Well, I was going to entitle this post "I take it all back" (being too hot to spin, that is) but then a series of unfortunate events has conspired to make me fall quite behind, so I need to explain that first for any customers that might have concerns.
First, for the month of June, middle Tennessee did not have a single day that was below 100 degrees. We had three days that were 109, but mostly, it hovered around 104. I know that everyone has been hot, so I don't want to sound like a whiner, but my wood shop is in the old mule barn, which has a metal roof and metal sides, has no insulation and no ac. It is, actually, open to the elements and hotter than an easybake oven in the afternoon. At least this summer. In summers past, it was pretty comfortable, and I just made sure to do most powertool work early in the mornings.
But his extreme heat limited the hours I could work in the shop on spindolyns, even with fans going. Those few cool hours had to be shared with all of the farm chores, which have been compounded by the drought. The drought has meant that the animal and garden water has had to be hauled, and they needed watering three times a day due to the heat. Our household water has had time consuming complications, too, so I had slipped behind, time wise, but was feeling confident that this past weekend, with the predicted cooler weather I could catch up.
Good news~ we are getting rain, and it has cooled off and I am so thankful!
Bad news~ Before the rain started, I was up the creek bed looking for a possible additional water source and slipped and my foot went between two rocks and I fell backwards and broke my foot. It is, well, I won't go in to it, but it isn't great.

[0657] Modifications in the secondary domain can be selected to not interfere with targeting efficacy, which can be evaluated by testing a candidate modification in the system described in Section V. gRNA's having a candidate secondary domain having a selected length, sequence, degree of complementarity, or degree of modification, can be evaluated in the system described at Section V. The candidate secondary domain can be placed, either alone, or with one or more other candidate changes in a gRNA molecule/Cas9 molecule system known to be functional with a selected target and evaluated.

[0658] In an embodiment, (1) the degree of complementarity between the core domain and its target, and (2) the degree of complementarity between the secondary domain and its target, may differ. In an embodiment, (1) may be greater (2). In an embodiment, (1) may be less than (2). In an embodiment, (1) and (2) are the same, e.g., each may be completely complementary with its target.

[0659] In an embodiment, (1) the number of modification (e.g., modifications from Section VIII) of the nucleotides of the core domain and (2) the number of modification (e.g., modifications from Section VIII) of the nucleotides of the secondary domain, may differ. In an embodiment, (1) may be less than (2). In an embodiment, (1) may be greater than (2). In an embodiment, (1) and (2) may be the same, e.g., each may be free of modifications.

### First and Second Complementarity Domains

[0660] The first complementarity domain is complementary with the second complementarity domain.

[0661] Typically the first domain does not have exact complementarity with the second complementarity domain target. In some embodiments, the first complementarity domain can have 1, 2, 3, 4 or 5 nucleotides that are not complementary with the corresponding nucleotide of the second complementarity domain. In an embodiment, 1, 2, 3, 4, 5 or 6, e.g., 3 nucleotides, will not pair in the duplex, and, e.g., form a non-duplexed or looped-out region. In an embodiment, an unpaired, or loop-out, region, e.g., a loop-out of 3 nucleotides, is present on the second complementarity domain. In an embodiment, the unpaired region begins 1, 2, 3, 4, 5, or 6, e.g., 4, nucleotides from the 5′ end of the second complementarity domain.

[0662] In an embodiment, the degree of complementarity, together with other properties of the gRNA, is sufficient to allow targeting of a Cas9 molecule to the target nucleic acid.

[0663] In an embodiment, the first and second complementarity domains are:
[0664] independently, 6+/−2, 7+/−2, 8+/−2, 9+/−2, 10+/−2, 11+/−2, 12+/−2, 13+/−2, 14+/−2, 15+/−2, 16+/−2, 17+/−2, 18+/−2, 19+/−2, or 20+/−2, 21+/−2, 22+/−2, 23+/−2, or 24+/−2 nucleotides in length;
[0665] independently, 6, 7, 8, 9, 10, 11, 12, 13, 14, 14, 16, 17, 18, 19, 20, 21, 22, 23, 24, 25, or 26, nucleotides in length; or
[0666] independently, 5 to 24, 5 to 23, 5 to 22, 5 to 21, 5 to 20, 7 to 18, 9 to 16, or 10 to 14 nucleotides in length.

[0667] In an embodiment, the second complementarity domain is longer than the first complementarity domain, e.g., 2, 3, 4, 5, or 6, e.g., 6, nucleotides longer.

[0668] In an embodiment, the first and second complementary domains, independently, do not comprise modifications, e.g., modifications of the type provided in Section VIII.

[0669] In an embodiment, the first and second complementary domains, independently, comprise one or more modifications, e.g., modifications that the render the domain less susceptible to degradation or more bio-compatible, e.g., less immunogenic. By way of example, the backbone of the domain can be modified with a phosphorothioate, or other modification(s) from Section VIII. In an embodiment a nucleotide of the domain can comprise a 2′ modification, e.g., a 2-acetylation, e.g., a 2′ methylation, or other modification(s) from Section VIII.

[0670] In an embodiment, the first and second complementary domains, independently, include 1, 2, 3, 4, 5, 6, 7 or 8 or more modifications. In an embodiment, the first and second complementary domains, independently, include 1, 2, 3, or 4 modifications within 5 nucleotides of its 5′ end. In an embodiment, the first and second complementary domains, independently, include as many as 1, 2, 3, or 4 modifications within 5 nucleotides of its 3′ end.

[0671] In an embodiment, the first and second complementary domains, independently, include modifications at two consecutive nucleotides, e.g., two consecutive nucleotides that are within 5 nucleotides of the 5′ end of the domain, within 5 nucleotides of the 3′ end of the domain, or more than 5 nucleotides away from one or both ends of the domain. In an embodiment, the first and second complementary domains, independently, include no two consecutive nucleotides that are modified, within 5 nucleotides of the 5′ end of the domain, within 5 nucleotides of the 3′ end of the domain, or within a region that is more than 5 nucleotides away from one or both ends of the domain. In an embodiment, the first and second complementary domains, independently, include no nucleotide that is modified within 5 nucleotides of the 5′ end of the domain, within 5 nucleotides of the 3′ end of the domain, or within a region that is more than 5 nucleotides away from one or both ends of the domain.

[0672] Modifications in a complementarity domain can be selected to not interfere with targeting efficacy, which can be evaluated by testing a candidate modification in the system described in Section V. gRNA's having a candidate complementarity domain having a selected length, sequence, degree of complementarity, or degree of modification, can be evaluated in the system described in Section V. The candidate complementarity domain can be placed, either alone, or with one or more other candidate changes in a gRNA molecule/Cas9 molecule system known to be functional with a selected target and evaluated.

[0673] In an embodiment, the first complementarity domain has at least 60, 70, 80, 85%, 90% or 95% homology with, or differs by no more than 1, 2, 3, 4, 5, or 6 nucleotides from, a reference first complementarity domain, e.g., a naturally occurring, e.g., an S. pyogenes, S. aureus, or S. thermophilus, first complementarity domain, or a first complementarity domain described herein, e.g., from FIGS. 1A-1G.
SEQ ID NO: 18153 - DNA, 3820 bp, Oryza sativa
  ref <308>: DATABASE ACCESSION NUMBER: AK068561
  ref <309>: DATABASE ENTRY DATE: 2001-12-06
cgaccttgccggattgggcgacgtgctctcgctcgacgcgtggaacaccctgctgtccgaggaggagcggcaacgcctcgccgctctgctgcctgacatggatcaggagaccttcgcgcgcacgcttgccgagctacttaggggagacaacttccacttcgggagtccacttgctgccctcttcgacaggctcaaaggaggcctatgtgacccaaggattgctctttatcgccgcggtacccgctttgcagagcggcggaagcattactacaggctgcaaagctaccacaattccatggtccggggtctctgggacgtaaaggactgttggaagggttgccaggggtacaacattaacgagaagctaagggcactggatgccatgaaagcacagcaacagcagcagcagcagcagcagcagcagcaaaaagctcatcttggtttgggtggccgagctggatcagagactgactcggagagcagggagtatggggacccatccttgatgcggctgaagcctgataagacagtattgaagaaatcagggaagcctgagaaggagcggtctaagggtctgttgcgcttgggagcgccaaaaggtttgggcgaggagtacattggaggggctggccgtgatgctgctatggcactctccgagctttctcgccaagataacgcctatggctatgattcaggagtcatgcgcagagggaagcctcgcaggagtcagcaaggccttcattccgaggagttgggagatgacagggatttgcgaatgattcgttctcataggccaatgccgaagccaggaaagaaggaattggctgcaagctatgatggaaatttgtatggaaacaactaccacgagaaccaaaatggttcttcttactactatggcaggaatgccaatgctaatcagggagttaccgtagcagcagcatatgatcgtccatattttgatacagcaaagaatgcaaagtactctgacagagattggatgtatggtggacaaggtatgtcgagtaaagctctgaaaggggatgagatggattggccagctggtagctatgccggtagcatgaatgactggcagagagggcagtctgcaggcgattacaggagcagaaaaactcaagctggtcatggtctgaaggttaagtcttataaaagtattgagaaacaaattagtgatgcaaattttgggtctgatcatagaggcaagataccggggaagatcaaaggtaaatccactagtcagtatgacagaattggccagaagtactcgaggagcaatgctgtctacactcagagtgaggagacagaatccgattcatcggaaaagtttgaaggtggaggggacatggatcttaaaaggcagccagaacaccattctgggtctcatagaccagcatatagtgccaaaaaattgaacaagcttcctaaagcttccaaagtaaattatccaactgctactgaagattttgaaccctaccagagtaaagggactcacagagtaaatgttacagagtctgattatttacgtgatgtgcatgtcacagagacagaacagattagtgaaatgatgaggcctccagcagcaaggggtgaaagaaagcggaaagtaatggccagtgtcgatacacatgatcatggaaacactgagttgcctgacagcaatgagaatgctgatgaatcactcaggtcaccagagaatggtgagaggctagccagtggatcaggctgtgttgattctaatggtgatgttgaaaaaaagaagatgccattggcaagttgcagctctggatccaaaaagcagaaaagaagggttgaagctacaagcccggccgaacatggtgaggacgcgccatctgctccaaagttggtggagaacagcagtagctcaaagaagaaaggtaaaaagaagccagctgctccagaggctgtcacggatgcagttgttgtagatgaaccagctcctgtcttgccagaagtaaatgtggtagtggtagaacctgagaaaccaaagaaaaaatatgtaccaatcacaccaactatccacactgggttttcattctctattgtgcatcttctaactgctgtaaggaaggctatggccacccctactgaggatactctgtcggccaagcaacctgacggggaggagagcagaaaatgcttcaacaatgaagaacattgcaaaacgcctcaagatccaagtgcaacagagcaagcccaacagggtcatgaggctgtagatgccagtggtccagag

Anyway, as soon as it is safe to be up and about and back to the shop, I am sure I will catch up, I just wanted spinners to know that there has been and will be a delay.
Meantime, I have some lovely, half done specialty spindles that I can polish on.....just might be a few days before I can get some help or get back out to the shop and get the bases drilled and brass cut to finish them...and then there are those outstanding orders that are setting on the work bench half done. Well, frankly, it just kills me.
I just don't handle this sort of thing well, I really, really hate to know there are people waiting on their spindolyns, and I never was a "sit around when there is work to be done" sort of person.
Fortunately, an elevated foot does not prohibit spindolyn-ing or knitting, or sketching new designs....all I have to do now is work on the anxiety produced by guilt at being late.